After decades of deregulation companies from each and every industry are now facing reversing trends. Regulatory pressure, a direct consequence of crises, scandals, globalization and resource depletion, is on the rise across the board. And it is, inevitably, taking its toll on corporate operations. Regulatory oversight and scrutiny can delay a merger deal, lengthen time to market of a new and innovative product, increase the cost for company to remain compliant or reduce productivity. But regulation is here to stay and we had better learn how to deal with it. In the last 10 years (2004 – 2013) in the US alone the Code of Federal Regulations has increased by over 30,000 pages, three times more than in the decade earlier. Like “old” industries, new, innovative industries are facing the rising tide of regulation: bitcoins, the internet, ‘Airbnb’, genome editing, 3D bioprinters… join the debate and brace for regulatory impact.
Beyond governments and politicians, civil society has become one of the key stakeholders when it comes to regulation. If we trust the recent YouGov internet opinion poll, more than two-thirds of the polled internet users believed that businesses would misbehave towards staff and consumers if there were no regulation. In today’s interconnected world where any piece of news is available instantaneously, it doesn’t take much to perpetuate such views. With government institutions retreating from a number of regulatory activities and public functions, non-governmental organizations have progressively started to be more active in that space. NGOs have turned their attention toward the powerful private sector and have exercised the high level of public trust they enjoy to secure an important place in the process of crafting public policy.
Remember Greenpeace’s palm oil campaign that pointed finger at Nestlé in May 2010? The company was put in the spotlight in spite of the fact that Nestlé’s share of consumption of global palm oil production was less than 1%. Daniela Montalto, an international forest campaigner with Geenpeace, said to The Economist with reference to the video from Greenpeace’s KitKat campaign, “We had been asking Nestlé to stop buying products from rainforest destruction for two years before we launched our campaign. Nestlé cracked within just two months because the overwhelming public response made the company listen.” While Nestlé has reacted quickly and made significant progress to date in traceability of its supply chain and sustainable manufacturing certification, the campaign initially hit its reputation hard. Being one of the biggest food and beverage companies in the world made them an easy and visible target. The regulatory response followed a year later: In the EU, a new law on food information to consumers was adopted by the Council of the European Union on 29 September 2011. It requires explicit labelling of the types of vegetable oil used in food products. This means that manufacturers will no longer be able to include palm oil in their ingredients under the generic term ‘vegetable oil.’ With the attention that the palm oil campaign has attracted over the years, the new labeling might negatively impact EU palm oil consumption, warned the Dutch Board for Margarine, Fats and Oils representing the industry. Consumers are likely to scrutinize more the product labels and to be more sensitive to sustainability of this ingredient source. The law comes into effect on 13 December 2014.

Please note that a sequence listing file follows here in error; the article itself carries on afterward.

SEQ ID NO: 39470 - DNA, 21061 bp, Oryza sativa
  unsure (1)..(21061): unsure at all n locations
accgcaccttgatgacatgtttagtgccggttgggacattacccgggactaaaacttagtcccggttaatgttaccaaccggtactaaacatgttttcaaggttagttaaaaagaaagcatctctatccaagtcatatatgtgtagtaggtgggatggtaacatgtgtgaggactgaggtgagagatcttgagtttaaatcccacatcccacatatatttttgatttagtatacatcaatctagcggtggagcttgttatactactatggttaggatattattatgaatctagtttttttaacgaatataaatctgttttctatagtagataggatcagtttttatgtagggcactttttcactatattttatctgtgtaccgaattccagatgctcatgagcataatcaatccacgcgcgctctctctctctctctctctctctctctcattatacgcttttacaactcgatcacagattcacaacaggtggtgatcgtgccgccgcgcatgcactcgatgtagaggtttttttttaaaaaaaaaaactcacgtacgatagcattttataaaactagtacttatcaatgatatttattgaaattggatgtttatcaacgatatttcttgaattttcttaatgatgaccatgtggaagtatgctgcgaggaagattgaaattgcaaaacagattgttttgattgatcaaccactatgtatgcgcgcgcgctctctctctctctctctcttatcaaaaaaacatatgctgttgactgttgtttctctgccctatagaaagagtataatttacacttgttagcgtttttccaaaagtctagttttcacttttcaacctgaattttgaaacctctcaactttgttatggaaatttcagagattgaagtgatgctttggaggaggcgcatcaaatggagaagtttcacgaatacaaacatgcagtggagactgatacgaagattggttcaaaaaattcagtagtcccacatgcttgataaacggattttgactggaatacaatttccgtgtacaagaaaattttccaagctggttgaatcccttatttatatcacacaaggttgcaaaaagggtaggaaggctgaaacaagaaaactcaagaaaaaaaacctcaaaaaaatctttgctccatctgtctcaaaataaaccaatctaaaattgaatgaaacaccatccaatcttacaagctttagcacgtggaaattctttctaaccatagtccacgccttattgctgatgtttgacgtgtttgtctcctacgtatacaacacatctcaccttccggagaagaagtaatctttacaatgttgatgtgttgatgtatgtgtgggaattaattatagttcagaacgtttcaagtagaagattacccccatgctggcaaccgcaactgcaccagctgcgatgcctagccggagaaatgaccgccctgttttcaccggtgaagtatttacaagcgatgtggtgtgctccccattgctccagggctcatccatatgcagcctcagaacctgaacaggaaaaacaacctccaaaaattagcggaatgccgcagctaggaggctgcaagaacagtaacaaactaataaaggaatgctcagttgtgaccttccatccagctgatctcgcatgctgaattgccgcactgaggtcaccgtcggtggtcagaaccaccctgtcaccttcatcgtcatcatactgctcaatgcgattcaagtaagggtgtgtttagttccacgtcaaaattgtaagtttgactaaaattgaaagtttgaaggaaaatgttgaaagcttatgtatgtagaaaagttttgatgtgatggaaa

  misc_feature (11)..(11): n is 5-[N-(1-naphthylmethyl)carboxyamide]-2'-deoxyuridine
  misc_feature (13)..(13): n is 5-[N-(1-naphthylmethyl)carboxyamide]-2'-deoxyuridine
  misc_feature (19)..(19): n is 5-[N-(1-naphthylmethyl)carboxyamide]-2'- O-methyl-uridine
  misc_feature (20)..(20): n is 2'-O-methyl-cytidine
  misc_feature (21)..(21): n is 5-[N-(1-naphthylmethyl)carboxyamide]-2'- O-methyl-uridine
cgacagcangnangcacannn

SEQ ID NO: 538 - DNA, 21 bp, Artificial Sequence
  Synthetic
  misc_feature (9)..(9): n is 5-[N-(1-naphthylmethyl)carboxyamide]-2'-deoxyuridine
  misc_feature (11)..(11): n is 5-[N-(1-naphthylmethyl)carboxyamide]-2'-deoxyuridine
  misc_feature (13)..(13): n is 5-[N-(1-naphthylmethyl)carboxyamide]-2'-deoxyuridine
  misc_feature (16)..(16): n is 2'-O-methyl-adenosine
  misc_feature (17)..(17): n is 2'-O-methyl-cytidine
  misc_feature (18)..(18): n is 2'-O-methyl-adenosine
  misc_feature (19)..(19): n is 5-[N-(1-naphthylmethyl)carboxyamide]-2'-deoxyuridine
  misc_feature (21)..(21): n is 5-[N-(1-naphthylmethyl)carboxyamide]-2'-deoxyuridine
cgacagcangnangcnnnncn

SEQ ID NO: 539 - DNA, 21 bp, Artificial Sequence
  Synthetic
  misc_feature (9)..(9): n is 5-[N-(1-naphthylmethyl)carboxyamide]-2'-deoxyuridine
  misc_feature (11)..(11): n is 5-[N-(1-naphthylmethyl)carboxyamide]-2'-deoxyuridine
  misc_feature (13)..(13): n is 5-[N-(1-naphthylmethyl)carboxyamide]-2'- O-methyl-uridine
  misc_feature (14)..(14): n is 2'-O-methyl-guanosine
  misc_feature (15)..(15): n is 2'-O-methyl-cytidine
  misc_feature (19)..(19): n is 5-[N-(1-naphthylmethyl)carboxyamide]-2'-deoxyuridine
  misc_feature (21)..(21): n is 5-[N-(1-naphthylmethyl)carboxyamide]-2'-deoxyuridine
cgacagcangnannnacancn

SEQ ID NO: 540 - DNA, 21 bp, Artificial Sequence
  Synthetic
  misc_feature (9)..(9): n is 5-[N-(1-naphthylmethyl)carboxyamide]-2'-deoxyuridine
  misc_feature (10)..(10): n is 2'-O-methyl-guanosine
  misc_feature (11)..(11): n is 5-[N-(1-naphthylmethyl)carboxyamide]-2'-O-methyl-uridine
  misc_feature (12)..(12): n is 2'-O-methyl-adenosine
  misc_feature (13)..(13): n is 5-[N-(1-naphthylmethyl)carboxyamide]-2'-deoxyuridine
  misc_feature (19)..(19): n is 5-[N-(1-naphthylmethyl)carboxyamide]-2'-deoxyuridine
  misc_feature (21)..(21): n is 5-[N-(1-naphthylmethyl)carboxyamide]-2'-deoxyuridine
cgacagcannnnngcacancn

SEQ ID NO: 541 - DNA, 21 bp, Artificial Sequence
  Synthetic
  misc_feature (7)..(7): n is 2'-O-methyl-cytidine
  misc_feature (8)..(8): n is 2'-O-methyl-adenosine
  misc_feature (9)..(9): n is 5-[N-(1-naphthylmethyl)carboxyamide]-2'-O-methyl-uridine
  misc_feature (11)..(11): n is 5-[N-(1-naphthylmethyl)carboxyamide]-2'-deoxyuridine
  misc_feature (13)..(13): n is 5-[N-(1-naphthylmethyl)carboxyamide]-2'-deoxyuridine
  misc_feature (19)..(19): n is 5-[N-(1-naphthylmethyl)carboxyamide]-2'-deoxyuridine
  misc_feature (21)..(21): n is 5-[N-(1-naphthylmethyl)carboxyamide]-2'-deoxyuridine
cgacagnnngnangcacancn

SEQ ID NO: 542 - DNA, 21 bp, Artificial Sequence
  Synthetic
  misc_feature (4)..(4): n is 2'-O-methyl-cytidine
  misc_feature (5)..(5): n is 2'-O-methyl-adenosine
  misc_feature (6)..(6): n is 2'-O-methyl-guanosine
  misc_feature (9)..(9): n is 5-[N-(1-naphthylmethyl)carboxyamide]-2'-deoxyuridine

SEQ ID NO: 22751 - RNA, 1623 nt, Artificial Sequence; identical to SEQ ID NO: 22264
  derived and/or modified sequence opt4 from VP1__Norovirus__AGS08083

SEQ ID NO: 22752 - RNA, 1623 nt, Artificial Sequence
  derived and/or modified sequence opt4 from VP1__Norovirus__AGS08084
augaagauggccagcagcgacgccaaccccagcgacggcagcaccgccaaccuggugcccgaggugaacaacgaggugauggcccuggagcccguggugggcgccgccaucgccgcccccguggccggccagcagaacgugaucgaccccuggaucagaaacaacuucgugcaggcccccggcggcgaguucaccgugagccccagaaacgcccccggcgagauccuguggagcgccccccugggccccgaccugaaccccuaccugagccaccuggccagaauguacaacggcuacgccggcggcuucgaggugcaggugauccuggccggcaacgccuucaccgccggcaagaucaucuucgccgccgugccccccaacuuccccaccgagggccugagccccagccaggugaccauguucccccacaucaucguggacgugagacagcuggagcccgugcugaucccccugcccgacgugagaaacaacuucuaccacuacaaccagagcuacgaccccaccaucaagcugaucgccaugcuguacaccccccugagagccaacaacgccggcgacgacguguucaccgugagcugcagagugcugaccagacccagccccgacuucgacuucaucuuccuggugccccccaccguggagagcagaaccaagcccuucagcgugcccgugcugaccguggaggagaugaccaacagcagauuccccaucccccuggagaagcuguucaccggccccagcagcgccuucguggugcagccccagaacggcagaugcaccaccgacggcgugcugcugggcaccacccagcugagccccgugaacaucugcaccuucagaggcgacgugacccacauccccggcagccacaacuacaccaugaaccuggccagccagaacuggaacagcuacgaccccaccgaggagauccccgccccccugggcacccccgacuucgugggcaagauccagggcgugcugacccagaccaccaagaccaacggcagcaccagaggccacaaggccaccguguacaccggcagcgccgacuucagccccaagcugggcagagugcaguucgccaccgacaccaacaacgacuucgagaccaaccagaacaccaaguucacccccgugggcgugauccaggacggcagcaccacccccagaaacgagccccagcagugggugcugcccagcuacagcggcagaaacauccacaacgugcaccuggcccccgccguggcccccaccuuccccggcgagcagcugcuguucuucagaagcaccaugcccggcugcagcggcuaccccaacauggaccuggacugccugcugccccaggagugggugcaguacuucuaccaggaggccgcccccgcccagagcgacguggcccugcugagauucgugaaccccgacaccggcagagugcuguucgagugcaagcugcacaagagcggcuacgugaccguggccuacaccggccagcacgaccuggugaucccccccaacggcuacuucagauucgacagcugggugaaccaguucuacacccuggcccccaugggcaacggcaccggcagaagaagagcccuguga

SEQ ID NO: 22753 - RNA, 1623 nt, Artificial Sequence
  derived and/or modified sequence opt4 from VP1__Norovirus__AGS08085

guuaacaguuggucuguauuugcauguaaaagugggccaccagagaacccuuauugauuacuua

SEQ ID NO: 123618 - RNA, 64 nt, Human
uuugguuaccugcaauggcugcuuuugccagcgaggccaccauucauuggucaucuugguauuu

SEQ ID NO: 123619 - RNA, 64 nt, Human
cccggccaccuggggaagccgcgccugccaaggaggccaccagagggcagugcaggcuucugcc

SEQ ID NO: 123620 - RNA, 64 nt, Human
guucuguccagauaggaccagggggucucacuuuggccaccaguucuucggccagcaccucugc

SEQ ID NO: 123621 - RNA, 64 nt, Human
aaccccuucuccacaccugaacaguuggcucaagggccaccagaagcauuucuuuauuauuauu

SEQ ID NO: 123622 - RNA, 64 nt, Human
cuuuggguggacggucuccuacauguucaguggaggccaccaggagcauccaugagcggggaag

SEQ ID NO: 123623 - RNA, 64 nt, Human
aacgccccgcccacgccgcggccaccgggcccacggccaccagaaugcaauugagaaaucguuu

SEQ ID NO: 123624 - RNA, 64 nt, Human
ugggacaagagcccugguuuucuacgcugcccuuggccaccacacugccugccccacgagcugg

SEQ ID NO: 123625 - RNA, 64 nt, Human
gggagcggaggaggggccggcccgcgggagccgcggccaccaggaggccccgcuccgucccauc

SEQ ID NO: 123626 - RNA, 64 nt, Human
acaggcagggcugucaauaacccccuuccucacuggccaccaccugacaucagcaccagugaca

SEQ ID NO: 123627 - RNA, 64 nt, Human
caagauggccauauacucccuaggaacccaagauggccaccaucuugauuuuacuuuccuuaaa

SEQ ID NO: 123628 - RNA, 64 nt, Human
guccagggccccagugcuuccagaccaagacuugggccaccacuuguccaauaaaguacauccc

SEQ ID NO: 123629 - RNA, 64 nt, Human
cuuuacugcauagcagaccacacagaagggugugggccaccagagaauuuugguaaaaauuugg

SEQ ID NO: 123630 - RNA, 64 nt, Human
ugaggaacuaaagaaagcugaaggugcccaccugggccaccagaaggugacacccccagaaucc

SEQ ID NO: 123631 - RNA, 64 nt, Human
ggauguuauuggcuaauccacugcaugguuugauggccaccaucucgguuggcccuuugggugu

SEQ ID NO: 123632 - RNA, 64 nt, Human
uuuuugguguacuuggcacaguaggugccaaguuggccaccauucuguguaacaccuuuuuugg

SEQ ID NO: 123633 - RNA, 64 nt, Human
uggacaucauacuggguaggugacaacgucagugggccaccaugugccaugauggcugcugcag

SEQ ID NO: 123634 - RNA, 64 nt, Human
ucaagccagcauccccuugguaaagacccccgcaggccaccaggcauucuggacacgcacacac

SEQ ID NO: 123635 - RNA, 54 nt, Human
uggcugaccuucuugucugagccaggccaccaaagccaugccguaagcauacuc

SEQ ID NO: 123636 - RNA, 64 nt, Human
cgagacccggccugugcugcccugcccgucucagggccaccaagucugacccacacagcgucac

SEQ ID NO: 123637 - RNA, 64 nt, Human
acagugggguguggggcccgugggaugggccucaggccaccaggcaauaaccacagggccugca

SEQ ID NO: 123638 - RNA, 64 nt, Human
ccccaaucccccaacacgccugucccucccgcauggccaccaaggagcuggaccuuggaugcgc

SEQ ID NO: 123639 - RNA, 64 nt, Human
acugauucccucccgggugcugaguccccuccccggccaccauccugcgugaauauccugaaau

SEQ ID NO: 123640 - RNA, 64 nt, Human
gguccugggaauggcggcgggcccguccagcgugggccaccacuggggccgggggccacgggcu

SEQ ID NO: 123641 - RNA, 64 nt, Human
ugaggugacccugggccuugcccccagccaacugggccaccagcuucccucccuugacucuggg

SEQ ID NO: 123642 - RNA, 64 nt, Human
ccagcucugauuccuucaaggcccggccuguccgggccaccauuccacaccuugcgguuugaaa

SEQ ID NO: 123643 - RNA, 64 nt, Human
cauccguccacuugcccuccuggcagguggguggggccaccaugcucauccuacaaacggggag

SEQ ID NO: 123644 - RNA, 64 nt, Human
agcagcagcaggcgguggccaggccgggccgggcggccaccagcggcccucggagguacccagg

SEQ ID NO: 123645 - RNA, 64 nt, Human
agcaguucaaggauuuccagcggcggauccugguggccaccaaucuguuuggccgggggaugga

Even when the company’s reaction to a crisis is prompt and measured, it is just that – a rapid reaction on a hot topic. Its effectiveness is limited as is the time to prepare it, to build meaningful bridges with key stakeholders and to weigh the impact of some strategic alternatives on the company’s business. The associated risks of reputational damage, lost business opportunities or immediate out of pocket costs are often high.
To mitigate these risks in today’s business environment, where regulatory pressures and public scrutiny are on the rise in all industries, a regular horizon-screening for the next potentially contentious issue alone will not do the job. Business decisions need to be informed by the political and public policy environment. Companies need to be reaching out to regulatory, social, academic and value chain stakeholders in a proactive and politically astute manner. Focus on common regulatory issues within the value chain not only amplifies the industry voice and broadens the reach, but also strengthens trust and cooperation among the value chain partners – and ultimately with customers and consumers. Government affairs officers need to be integrated into the C-suite and business units’ management teams and their input reflected in a long-term corporate strategy. A cross-departmental team focused on a regulatory issue will both offer a holistic impact analysis to relevant stakeholders and, once the regulation is adopted, reduce compliance costs through higher awareness of the requirements and their quicker integration in company’s business processes.
Overall, proactive stakeholder and issue management by businesses creates a more predictable operating environment, diminishes the risk of an unfavorable regulatory development and allows for early identification of upcoming opportunities. Spotting opportunity where others see risk is often a key to success.